Derek Jeter’s final home game as a New York Yankee drew a record audience on the team’s YES Network in 2014, surprising no one. But Stephen Ullman, who oversees political ad sales for YES Network majority owner Fox Sports, was puzzled about why there was so little campaign advertising during the breaks, just a few weeks before a gubernatorial election in New York. Conversations with people overseeing ad buys for Governor Andrew Cuomo’s reelection campaign, which ran a spot during the Jeter game, offered an insight: Campaigns often don’t think of local or regional sports channels such as YES Network when they buy airtime. Many advisers “sort of live by the old dogma, which is that you’ve got to start every political buy with buying in the news,” says Jeff Link, chief executive officer of Analytics Media Group, which advised the Cuomo campaign.
Ullman and Fox Sports are looking to change that. Baseball’s season peaks in late October, just before the presidential election, but with primaries still to be contested in major states including New York, which votes April 19, the company sees a chance to gain a bigger share of the estimated $4.4 billion candidates and super-PACs will spend on TV advertising this election. “Most home team games are the No. 1 prime-time program,” says Ullman. “Everybody—mothers, fathers, daughters, grandparents—is watching.”
Fox Sports, a subsidiary of 21st Century Fox, sells ads for a group of about 40 regional sports channels across the U.S. After 2014, Fox Sports commissioned Link’s Analytics Media Group, which grew out of the 2012 Obama campaign, and Republican-affiliated Deep Root Analytics to study viewing habits. Advertisers already like sports broadcasts, which people watch live without skipping ads. The researchers found that viewers of local sports tend to be undecided voters—exactly the people campaigns most want to reach. They’re 2.5 times more likely to trust candidates whose ads they see during games, almost twice as likely to remember them, and twice as likely as people who watch local news to vote for them. “It’s an untapped resource,” says Brent McGoldrick, Deep Root’s CEO. “TV media buyers tend to buy what they know, so they literally don’t have the data or they don’t really know the people to contact to buy on these programs.”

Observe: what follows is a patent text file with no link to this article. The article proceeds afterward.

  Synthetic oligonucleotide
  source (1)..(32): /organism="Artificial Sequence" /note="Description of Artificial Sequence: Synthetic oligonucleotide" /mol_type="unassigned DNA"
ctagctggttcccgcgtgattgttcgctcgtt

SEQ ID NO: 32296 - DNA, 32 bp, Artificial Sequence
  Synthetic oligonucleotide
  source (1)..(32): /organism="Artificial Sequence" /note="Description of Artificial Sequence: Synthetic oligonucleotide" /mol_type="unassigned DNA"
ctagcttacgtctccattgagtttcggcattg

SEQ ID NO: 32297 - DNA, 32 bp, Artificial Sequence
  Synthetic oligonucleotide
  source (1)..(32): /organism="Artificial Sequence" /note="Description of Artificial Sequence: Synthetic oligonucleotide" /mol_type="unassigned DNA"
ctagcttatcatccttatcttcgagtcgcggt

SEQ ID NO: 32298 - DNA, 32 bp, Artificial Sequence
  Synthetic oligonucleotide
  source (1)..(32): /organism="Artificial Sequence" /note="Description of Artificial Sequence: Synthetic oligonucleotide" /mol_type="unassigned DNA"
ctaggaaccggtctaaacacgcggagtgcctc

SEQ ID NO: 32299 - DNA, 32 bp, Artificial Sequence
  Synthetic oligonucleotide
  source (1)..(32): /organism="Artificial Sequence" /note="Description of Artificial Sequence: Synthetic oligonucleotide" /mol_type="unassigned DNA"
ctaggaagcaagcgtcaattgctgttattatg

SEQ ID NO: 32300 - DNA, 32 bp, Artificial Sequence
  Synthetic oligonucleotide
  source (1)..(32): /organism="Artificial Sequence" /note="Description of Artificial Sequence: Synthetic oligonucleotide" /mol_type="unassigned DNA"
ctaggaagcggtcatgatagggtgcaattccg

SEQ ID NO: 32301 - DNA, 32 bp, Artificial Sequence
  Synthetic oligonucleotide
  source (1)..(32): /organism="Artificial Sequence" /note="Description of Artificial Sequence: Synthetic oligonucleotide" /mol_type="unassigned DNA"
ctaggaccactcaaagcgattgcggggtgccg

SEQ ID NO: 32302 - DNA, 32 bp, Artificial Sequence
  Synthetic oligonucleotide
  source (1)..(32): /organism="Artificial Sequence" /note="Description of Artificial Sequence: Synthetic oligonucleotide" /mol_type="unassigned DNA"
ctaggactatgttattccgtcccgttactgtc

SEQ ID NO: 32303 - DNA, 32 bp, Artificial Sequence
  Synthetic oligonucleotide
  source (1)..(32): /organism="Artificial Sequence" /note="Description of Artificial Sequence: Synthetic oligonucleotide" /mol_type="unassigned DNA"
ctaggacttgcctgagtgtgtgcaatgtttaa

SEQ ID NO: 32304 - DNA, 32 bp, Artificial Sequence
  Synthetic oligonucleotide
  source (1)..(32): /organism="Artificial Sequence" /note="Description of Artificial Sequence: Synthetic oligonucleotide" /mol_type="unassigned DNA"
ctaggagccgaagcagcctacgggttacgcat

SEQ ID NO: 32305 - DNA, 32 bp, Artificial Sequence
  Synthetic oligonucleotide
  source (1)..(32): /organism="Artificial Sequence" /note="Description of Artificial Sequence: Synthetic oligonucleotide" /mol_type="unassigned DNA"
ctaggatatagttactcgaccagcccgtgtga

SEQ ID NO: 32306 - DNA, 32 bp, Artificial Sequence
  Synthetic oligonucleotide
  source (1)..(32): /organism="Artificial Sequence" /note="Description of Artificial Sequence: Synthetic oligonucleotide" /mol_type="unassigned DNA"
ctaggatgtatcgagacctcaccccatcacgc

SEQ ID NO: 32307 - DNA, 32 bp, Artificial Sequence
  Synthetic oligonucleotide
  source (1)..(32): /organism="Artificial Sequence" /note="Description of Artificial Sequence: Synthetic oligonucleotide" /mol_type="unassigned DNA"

Just as analytics changed modern baseball, the data-driven approach to political ad buying pioneered by President Obama’s 2012 campaign has pushed candidates and outside groups such as super-PACs to look at buying airtime beyond local news and syndicated broadcasts. On April 4, the day before Wisconsin’s primary, the Fox Sports Wisconsin broadcast of the Milwaukee Brewers’ opening game against the San Francisco Giants was peppered with ads for Ted Cruz and Bernie Sanders. (The Brewers lost; Cruz and Sanders won.)
Local broadcast stations captured 85 percent of ads during the 2012 general election, but according to Kantar Media, that’s shrunk to 70 percent so far this cycle as campaigns have increased spending on local cable and satellite, which allows buyers to target viewers in specific ZIP codes rather than blanketing entire cities. Sports events “budgets are getting much tighter right now for all of the campaigns and the PACs,” says Mark Lieberman, CEO of Viamedia, which sells ad time on local cable networks. “It’s really forcing the campaigns and the PACs to spend on a much smarter basis.”